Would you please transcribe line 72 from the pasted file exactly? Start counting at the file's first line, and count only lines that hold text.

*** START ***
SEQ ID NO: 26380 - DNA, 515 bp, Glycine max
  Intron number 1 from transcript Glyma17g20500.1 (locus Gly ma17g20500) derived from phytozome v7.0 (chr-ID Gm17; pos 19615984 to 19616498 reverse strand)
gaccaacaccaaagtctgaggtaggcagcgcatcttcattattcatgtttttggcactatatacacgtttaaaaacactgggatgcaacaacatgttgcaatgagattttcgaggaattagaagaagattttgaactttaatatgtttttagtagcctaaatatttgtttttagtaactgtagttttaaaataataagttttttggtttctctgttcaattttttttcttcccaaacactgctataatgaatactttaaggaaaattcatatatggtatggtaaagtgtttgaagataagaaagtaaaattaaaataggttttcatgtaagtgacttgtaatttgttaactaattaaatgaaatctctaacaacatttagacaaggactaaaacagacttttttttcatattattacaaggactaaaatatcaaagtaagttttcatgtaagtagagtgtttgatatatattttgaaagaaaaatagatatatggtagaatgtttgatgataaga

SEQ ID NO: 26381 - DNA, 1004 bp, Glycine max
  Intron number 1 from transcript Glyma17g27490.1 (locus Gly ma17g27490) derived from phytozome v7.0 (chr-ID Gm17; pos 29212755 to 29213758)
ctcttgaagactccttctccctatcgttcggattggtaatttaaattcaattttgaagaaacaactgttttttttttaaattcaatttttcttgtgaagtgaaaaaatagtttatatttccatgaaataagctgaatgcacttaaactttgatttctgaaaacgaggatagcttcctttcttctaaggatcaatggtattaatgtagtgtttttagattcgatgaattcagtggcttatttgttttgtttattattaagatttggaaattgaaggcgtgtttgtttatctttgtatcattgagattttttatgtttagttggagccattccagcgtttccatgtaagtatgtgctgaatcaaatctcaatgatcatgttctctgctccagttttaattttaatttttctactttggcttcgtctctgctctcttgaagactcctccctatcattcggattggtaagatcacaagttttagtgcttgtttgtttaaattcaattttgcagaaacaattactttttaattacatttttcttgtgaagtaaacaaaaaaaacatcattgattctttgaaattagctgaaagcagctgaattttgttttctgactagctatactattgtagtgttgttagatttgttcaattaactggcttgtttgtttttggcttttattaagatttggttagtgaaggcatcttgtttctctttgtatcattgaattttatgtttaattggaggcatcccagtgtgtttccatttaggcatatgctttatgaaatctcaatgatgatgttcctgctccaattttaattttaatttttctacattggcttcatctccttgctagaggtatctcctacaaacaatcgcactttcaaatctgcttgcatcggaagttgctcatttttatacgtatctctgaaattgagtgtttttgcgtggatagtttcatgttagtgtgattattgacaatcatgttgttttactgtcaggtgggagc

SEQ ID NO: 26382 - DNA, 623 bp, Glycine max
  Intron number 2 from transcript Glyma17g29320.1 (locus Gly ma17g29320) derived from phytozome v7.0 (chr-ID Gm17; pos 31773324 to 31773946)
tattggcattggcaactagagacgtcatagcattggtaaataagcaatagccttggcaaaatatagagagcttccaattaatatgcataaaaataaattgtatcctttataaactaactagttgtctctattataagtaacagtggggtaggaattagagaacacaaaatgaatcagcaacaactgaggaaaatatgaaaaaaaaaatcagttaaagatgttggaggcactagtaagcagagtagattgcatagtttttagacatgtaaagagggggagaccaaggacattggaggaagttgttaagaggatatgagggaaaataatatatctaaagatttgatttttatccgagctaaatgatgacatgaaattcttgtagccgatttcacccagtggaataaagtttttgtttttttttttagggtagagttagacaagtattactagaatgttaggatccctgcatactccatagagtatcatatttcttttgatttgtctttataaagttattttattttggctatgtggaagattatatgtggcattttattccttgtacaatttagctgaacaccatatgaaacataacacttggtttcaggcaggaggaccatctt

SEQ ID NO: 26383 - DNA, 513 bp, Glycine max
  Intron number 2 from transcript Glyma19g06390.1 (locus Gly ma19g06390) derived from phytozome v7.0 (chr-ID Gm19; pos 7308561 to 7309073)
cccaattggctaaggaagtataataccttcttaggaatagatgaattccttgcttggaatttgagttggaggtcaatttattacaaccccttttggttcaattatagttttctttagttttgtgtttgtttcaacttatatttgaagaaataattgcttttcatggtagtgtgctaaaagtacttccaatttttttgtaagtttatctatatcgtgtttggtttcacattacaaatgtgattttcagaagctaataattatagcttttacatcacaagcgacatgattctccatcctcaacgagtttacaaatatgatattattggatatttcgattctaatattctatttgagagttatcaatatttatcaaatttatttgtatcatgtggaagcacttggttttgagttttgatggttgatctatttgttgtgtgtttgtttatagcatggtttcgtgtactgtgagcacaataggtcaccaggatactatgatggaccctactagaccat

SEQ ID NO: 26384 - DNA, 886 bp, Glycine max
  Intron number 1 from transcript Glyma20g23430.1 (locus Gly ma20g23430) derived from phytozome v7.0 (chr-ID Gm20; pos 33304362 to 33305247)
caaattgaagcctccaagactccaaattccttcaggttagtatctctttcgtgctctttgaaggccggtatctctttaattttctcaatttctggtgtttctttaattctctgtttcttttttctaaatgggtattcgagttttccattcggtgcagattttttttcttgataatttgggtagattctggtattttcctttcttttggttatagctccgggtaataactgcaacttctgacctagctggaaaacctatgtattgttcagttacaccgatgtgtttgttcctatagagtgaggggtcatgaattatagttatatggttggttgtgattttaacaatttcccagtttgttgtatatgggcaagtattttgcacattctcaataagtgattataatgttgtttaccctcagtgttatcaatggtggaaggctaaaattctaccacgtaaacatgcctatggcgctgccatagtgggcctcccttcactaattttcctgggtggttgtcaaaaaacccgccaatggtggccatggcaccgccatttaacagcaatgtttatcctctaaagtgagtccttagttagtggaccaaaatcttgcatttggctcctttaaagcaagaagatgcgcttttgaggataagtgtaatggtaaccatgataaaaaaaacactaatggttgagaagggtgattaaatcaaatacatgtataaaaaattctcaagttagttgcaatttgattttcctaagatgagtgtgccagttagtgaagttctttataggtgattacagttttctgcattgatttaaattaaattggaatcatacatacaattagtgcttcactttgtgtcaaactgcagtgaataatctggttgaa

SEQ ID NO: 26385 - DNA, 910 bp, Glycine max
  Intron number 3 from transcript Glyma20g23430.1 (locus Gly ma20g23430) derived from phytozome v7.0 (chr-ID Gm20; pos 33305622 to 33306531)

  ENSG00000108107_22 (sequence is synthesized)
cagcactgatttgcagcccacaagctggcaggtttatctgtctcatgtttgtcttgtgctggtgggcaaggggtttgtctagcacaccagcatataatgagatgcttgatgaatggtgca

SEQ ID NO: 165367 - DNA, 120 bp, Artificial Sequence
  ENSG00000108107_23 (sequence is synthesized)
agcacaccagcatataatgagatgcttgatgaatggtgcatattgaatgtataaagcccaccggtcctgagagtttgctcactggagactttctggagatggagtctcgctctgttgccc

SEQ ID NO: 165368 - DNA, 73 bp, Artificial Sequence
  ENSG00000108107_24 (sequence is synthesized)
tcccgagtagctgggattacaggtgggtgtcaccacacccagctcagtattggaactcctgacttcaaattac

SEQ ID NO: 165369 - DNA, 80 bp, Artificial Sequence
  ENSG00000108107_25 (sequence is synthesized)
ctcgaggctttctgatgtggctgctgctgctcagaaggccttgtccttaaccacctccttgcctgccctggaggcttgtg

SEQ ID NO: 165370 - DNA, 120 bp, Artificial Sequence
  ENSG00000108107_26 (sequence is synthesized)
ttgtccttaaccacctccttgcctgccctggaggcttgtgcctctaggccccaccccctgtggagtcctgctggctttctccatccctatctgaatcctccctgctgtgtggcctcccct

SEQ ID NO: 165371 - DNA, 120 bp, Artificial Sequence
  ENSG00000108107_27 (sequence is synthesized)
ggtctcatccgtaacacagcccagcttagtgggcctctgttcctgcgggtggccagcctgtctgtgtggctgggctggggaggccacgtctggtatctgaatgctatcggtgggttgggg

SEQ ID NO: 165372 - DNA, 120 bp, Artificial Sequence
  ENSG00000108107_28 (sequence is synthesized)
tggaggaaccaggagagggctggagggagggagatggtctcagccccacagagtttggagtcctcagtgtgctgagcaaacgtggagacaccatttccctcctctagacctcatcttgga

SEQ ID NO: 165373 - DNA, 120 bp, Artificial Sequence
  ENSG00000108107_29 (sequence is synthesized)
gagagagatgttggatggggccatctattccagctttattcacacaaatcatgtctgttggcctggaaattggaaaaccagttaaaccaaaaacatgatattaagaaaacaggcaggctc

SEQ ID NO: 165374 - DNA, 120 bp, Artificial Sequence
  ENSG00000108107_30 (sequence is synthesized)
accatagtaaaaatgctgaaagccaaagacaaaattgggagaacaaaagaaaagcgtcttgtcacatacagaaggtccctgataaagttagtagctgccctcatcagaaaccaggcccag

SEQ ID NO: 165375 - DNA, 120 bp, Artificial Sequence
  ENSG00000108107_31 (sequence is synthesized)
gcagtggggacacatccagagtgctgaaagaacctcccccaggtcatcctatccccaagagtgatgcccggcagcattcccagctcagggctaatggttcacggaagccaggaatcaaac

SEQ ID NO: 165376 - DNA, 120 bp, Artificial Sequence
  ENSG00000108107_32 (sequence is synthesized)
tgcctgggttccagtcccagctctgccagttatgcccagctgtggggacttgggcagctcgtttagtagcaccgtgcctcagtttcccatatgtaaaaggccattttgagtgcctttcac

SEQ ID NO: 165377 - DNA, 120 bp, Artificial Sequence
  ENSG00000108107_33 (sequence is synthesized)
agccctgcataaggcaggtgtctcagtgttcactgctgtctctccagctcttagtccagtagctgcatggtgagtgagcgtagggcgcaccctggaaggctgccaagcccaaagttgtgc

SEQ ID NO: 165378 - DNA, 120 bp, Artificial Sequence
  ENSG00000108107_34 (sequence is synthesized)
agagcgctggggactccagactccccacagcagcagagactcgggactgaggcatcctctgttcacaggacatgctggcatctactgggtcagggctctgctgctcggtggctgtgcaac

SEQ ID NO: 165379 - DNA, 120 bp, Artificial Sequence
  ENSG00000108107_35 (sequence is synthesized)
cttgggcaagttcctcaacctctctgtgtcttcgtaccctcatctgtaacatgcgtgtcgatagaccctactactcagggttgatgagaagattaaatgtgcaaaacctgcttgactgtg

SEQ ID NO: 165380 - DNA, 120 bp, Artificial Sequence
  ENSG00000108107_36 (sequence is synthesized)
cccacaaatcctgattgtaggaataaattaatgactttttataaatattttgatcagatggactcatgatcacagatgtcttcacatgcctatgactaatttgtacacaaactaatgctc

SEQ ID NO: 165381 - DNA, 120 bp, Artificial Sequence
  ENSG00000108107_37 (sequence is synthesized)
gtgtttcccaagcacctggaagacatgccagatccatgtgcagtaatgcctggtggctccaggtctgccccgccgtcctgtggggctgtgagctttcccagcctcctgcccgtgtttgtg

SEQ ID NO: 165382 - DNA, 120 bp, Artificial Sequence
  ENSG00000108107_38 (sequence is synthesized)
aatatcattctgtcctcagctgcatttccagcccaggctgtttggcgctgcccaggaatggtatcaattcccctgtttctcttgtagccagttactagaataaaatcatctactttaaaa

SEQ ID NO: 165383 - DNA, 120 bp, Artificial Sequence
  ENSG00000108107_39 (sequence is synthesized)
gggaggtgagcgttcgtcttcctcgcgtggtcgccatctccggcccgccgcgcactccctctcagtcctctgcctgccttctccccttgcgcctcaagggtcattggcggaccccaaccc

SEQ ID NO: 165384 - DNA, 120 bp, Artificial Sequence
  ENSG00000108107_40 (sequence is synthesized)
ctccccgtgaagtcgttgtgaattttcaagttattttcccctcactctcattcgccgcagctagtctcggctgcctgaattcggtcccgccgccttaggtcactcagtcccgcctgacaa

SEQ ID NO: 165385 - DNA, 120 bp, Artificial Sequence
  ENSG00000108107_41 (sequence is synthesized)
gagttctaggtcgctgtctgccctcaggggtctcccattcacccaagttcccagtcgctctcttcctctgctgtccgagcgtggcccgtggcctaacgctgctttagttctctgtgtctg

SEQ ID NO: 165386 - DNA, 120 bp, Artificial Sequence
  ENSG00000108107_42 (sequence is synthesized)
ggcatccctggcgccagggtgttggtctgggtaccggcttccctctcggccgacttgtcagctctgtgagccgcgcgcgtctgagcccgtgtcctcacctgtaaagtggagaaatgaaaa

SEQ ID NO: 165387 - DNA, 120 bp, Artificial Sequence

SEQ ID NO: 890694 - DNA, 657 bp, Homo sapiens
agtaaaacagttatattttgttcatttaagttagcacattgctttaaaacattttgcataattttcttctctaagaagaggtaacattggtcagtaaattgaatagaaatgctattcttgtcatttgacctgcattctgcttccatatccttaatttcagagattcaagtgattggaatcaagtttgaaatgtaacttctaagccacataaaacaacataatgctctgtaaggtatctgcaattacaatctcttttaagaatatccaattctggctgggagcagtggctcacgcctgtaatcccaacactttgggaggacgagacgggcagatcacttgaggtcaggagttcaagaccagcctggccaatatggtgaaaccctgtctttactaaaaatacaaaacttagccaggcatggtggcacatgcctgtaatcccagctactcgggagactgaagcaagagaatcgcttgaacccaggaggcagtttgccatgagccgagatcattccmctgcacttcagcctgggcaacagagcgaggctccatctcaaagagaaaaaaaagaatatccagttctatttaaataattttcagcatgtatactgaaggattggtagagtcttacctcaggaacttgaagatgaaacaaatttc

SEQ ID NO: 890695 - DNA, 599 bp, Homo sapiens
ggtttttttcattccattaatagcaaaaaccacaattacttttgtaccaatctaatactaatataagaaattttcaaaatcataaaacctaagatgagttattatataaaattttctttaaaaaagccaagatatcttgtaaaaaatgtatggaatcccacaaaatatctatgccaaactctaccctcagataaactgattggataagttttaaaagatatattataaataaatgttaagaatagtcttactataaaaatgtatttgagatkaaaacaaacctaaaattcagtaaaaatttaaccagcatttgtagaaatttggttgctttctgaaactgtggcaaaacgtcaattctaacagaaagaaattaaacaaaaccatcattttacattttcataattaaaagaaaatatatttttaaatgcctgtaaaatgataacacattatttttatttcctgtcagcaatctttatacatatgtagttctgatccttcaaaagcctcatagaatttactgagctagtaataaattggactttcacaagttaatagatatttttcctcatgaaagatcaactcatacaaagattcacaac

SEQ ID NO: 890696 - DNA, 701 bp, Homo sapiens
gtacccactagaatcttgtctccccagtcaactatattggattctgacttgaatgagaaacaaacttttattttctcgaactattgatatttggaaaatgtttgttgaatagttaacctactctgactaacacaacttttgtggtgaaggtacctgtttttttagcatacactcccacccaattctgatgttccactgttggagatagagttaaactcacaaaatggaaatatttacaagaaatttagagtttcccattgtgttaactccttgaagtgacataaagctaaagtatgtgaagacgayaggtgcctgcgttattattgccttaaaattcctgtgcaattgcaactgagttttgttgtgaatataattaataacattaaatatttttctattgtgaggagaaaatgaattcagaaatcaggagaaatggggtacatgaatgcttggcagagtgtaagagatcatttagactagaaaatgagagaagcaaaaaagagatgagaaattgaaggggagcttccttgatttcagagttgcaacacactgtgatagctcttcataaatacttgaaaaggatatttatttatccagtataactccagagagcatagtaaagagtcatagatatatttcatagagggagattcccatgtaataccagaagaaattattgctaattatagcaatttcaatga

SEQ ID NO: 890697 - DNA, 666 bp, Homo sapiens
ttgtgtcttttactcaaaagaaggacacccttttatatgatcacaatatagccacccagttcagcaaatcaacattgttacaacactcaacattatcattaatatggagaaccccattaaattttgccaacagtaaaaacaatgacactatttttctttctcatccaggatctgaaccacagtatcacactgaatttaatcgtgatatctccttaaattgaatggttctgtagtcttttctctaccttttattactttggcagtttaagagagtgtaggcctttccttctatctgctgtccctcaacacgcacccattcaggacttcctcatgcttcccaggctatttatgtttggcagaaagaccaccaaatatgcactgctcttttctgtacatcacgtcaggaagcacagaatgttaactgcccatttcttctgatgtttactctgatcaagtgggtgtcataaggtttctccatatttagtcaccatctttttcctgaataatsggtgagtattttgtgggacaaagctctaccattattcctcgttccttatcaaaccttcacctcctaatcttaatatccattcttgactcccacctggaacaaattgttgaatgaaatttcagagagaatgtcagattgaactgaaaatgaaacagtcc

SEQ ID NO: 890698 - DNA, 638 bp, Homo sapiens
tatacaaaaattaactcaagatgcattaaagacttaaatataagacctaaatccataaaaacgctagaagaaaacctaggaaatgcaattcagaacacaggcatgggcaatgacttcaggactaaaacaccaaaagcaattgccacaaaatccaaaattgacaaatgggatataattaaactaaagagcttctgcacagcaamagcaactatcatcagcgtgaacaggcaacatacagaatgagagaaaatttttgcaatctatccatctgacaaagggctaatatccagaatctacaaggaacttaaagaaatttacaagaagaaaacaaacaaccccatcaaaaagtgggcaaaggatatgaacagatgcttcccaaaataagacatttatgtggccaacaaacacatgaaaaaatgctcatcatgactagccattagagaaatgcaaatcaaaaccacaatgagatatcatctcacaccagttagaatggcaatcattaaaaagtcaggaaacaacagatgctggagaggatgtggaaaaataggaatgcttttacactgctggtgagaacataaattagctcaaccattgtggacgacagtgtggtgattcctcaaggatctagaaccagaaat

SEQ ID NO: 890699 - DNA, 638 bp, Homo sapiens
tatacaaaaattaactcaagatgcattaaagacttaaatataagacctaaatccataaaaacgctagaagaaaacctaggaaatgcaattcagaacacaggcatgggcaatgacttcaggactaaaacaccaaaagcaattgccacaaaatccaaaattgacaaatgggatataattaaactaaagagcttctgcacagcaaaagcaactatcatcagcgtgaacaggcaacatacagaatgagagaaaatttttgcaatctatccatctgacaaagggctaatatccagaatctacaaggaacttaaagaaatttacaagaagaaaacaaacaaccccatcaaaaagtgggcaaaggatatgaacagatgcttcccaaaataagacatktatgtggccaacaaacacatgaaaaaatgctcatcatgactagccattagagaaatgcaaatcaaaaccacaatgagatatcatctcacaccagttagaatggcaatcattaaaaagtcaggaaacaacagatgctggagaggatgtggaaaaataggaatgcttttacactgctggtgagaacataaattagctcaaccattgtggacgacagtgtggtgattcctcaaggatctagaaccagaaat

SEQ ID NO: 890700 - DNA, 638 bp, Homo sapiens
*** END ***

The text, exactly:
  ENSG00000108107_40 (sequence is synthesized)